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Rupert Hargreaves
Rupert Hargreaves
Articles (1191)  | Author's Website |

Warren Buffett and Bill Gates: Making More Money Than God

Tips from two of the world's richest people on how to succeed.

December 04, 2018 | About:

At the time of writing, Bill Gates (Trades, Portfolio) and Warren Buffett (Trades, Portfolio) are worth a combined $187.2 billion thanks to their holdings of Microsoft (NASDAQ:MSFT) and Berkshire Hathaway (NYSE:BRK.A)(NYSE:BRK.B). This is an enormous sum, and only Jeff Bezos is worth more than these two giants of industry.

Gates and Buffett are not overnight successes. They have spent decades building up their businesses, intelligently buying out competitors and deploying capital when the right opportunities present themselves.

They are also great friends and have doubtlessly shared many evenings and days discussing the market and investment opportunities.

Richer than God

In 1998, Gates and Buffett gave a talk in front of 350 business school students at the University of Washington. One of the first questions to duo answered was how they had become "richer than God."

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Buffett was the first to respond and replied that one of the main reasons he believes he has been so successful is his rational approach to business:

"How I got here is pretty simple in my case. It's not IQ, I'm sure you'll be glad to hear. The big thing is rationality. I always look at IQ and talent as representing the horsepower of the motor, but that the output--the efficiency with which that motor works--depends on rationality. A lot of people start out with 400-horsepower motors but only get a hundred horsepower of output. It's way better to have a 200- horsepower motor and get it all into output."

You could distill this further by saying that it is a waste of time to invest in or try to understand something you don't have experience with.

Buffett as always stated that investors should only seek to invest in something that is in the circle of competence and not be afraid to pass up investment opportunities they don't understand. This seems to be what he means when he says he measures IQ and talent not in horsepower but in output.

He went on to add some more color to the above quote:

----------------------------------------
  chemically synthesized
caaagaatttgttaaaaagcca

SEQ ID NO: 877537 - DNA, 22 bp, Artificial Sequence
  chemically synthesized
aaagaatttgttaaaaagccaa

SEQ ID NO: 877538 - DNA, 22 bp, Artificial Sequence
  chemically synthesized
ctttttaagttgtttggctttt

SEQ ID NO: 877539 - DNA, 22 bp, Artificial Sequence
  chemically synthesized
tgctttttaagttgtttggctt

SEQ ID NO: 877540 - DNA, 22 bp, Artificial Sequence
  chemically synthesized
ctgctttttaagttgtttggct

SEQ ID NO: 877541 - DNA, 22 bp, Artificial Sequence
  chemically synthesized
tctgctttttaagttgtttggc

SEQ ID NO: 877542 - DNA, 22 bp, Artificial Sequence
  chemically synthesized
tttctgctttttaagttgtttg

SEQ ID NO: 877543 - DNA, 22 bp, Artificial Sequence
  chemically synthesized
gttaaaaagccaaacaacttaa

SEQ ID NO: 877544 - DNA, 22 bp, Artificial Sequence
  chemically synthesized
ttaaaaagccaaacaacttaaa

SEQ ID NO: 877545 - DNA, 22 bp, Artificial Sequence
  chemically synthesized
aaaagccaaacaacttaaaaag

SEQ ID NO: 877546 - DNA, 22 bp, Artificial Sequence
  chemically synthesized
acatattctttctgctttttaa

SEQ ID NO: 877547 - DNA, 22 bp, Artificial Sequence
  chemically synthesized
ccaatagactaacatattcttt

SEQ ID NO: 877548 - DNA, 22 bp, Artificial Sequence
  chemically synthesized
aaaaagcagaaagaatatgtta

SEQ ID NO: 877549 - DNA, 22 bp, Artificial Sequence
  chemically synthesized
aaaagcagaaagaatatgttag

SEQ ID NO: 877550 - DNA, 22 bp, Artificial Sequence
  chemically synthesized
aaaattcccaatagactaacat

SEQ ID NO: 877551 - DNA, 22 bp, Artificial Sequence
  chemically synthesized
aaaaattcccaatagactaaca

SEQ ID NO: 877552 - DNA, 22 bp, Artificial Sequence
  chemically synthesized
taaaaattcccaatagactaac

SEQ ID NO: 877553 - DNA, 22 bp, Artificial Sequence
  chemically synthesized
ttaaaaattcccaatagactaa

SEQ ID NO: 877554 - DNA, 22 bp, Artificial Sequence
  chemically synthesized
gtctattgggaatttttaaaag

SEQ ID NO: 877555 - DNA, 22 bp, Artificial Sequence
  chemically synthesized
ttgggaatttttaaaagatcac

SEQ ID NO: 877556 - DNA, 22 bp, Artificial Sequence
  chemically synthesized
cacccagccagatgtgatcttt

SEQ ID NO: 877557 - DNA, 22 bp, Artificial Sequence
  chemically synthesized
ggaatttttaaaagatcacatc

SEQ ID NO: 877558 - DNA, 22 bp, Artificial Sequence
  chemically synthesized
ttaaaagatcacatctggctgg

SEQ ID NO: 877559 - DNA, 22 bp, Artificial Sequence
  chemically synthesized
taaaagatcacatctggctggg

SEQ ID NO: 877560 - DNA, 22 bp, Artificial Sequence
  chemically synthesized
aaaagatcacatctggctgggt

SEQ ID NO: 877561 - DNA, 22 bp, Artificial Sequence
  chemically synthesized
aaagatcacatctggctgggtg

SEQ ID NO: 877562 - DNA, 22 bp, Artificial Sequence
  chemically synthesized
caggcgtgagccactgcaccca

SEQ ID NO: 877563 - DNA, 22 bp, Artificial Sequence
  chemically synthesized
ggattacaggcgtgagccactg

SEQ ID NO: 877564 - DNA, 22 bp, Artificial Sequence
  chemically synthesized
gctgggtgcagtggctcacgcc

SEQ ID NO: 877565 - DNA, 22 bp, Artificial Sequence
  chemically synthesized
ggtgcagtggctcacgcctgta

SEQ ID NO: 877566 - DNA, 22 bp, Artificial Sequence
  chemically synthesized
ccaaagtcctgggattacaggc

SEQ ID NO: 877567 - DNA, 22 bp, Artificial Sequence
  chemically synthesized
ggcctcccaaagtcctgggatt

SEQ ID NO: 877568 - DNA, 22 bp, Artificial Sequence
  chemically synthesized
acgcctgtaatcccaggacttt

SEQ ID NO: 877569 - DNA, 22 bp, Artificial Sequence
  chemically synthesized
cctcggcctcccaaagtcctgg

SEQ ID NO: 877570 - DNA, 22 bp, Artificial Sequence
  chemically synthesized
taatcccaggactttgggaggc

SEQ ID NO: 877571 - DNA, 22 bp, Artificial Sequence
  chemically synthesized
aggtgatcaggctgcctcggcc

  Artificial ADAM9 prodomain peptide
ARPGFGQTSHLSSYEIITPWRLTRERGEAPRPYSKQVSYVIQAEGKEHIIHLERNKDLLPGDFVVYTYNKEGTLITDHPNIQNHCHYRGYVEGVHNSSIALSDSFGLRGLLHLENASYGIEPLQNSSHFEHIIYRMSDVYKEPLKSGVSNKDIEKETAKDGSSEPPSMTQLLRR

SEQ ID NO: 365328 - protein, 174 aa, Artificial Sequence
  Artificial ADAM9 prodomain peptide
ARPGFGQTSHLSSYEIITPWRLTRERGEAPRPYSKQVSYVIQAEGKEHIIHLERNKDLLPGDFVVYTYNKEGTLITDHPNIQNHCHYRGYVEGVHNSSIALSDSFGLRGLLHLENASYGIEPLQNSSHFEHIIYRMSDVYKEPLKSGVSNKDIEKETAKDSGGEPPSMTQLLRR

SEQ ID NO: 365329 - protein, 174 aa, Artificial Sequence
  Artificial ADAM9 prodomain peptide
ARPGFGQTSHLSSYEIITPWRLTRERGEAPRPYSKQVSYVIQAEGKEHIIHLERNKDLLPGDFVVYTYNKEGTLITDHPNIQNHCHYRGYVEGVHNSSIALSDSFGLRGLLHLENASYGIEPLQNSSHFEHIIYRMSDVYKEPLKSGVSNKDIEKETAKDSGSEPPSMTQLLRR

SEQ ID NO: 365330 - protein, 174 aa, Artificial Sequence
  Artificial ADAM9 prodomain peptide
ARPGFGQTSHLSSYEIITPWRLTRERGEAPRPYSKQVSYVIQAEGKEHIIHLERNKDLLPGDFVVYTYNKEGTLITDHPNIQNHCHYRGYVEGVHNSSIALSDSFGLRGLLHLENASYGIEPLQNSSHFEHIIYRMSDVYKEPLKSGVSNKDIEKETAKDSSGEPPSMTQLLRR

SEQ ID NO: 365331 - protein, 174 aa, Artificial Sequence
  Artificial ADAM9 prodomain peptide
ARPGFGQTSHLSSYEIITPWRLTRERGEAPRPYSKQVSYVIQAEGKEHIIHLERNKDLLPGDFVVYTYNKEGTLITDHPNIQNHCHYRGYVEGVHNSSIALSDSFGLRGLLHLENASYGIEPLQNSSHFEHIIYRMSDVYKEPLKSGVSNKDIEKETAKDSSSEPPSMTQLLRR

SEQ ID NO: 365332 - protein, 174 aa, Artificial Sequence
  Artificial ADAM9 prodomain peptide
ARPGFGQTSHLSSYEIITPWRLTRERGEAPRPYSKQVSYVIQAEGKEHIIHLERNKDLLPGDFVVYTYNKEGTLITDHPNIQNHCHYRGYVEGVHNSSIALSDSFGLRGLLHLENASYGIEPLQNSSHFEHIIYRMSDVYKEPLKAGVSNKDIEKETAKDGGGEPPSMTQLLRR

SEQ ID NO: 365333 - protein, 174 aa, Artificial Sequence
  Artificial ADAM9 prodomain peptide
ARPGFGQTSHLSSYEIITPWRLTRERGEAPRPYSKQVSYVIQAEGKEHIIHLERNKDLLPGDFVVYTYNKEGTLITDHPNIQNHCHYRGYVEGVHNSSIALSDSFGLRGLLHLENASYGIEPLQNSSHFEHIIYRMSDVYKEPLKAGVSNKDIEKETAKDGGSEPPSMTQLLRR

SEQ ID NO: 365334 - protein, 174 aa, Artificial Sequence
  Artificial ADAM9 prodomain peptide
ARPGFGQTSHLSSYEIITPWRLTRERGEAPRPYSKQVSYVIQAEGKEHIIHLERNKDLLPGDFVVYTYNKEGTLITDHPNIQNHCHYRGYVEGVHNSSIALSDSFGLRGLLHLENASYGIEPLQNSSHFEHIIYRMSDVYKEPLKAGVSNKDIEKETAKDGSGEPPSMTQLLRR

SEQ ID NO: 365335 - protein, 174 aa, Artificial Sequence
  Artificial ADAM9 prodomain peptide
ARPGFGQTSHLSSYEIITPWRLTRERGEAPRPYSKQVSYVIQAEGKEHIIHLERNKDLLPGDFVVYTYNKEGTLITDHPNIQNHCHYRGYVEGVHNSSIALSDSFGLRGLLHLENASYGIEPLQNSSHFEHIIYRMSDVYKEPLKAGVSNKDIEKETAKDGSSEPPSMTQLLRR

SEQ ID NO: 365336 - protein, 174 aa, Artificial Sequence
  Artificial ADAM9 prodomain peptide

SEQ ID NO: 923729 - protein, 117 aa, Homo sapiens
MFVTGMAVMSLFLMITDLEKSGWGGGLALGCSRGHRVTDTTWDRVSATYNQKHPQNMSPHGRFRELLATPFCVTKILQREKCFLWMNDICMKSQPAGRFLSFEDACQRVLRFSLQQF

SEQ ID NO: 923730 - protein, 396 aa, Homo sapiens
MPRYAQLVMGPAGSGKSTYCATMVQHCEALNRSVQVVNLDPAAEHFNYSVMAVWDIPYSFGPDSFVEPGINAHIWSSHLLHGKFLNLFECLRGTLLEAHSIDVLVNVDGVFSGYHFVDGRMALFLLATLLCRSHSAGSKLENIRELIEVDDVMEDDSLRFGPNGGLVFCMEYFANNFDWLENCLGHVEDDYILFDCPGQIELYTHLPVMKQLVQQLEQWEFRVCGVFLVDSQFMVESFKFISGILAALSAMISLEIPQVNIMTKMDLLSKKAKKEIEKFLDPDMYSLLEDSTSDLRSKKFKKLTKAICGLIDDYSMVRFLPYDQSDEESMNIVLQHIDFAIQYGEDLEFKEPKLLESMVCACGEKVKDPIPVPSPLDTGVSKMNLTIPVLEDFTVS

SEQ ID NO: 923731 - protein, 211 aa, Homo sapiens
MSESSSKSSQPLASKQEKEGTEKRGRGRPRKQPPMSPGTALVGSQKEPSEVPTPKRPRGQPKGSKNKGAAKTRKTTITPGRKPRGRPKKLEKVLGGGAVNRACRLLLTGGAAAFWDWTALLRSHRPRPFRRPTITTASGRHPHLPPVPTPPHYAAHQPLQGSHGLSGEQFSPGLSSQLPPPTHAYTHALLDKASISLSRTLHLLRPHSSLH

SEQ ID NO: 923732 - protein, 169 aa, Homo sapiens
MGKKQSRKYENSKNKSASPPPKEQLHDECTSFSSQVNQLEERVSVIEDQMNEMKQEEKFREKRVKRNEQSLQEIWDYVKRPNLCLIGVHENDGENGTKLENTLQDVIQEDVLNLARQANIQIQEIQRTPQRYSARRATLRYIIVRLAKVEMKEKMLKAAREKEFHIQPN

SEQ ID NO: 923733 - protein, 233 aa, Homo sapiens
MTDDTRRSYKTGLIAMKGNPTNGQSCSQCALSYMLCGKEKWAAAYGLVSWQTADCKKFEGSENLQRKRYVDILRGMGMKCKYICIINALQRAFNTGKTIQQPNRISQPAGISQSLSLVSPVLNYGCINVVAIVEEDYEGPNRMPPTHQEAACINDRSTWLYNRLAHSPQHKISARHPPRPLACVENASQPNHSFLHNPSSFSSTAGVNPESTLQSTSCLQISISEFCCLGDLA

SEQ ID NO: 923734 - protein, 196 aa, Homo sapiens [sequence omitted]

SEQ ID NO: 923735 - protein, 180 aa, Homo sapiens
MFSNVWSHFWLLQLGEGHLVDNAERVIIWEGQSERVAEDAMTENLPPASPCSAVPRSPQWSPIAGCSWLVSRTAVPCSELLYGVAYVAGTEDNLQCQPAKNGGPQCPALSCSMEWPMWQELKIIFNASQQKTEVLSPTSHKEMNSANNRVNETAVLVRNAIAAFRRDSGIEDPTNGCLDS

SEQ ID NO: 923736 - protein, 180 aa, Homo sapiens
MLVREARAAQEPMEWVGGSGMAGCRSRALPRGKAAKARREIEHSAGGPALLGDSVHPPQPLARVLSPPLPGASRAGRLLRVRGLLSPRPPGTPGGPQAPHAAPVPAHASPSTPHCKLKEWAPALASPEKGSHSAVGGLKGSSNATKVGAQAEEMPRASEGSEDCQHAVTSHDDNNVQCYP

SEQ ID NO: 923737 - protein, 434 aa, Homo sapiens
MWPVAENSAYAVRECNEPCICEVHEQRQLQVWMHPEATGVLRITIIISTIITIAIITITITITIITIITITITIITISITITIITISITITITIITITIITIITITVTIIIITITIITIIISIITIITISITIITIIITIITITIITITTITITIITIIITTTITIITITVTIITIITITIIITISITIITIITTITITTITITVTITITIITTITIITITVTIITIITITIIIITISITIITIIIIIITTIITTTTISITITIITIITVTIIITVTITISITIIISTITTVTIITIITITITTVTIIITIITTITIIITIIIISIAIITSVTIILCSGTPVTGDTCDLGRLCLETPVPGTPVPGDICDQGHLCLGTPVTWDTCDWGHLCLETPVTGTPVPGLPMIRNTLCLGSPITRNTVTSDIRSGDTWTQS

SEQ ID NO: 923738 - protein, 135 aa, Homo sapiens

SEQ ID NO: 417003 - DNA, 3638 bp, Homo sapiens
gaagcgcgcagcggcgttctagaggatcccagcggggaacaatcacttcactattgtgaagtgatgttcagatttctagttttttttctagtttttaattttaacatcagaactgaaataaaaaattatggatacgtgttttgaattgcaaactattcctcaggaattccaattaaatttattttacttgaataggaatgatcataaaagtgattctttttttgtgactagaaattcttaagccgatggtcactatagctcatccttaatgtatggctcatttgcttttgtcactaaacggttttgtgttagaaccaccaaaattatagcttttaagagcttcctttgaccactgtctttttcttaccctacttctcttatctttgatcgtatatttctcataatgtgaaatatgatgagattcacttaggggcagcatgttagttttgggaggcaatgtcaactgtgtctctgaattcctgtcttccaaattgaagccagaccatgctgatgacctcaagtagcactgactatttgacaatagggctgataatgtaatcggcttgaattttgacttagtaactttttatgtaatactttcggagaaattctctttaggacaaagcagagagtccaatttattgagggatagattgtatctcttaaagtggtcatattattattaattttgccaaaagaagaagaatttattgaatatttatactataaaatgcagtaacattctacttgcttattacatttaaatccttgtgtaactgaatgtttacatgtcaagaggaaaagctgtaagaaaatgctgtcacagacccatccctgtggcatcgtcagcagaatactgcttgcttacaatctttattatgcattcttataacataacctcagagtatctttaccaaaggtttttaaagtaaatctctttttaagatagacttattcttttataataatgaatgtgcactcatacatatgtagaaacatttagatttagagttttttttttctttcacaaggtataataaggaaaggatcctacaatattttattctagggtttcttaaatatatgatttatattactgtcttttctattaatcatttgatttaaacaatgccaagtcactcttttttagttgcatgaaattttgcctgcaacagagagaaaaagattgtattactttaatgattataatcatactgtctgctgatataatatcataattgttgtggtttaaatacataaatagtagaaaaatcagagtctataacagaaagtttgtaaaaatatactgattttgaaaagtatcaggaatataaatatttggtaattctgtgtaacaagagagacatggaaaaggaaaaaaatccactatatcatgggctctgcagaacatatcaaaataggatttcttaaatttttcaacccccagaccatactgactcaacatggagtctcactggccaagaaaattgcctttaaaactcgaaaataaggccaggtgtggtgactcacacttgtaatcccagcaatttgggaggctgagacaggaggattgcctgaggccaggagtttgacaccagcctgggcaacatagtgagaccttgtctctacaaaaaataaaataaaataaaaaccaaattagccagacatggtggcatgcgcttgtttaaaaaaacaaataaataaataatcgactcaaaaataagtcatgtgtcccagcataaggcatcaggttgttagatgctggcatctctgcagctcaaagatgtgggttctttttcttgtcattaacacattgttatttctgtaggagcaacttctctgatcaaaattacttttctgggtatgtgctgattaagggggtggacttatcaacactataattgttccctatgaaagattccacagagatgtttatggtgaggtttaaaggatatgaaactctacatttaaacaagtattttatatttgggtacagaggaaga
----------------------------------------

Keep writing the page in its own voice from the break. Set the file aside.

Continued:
"So why do smart people do things that interfere with getting the output they're entitled to? It gets into the habits and character and temperament, and behaving in a rational manner. Not getting in your own way. As I said, everybody here has the ability absolutely to do anything I do and much beyond. Some of you will, and some of you won't. For the ones who won't, it will be because you get in your own way, not because the world doesn't allow you."

Then it was Gates' turn to answer. He agreed broadly agreed with Buffett. In the latter part of his answer, which is not covered above, Buffett told his audience that the best way to grow into being your best person is to find someone you admire, and then follow them, turning their best qualities into habits that you don't have to think about.

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Gates went on to say that the habit mentality has also been fundamentally important to his success. He started playing around with computers at an early age, and never tried to do anything else. Gates and his friends focused all of their energy on computers and developing software. His career at Microsoft blossomed from there:

"By pursuing that with a pretty incredible focus and by being there at the very beginning of the industry, we were able to build a company that has played a very central role in what's been a pretty big revolution. Now, fortunately, the revolution is still at the beginning. It was 23 years ago when we started the company. But there's no doubt that if we take the habits we formed and stick with them, the next 23 years should give us a lot more potential and maybe even get us pretty close to our original vision--'a computer on every desk and in every home.'"

Disclosure: The author owns shares in Berkshire Hathaway.

Read more here: 

What Is Joel Greenblatt Buying Today 

The World's Best Contrarian Investment?

Warren Buffett's 15-Year Old Advice on Derivatives Is Still Relevant 

About the author:

Rupert Hargreaves
Rupert is a committed value investor and regularly writes and invests following the principles set out by Benjamin Graham. He is the editor and co-owner of Hidden Value Stocks, a quarterly investment newsletter aimed at institutional investors.

Rupert holds qualifications from the Chartered Institute for Securities & Investment and the CFA Society of the UK. He covers everything value investing for ValueWalk and other sites on a freelance basis.

Visit Rupert Hargreaves's Website


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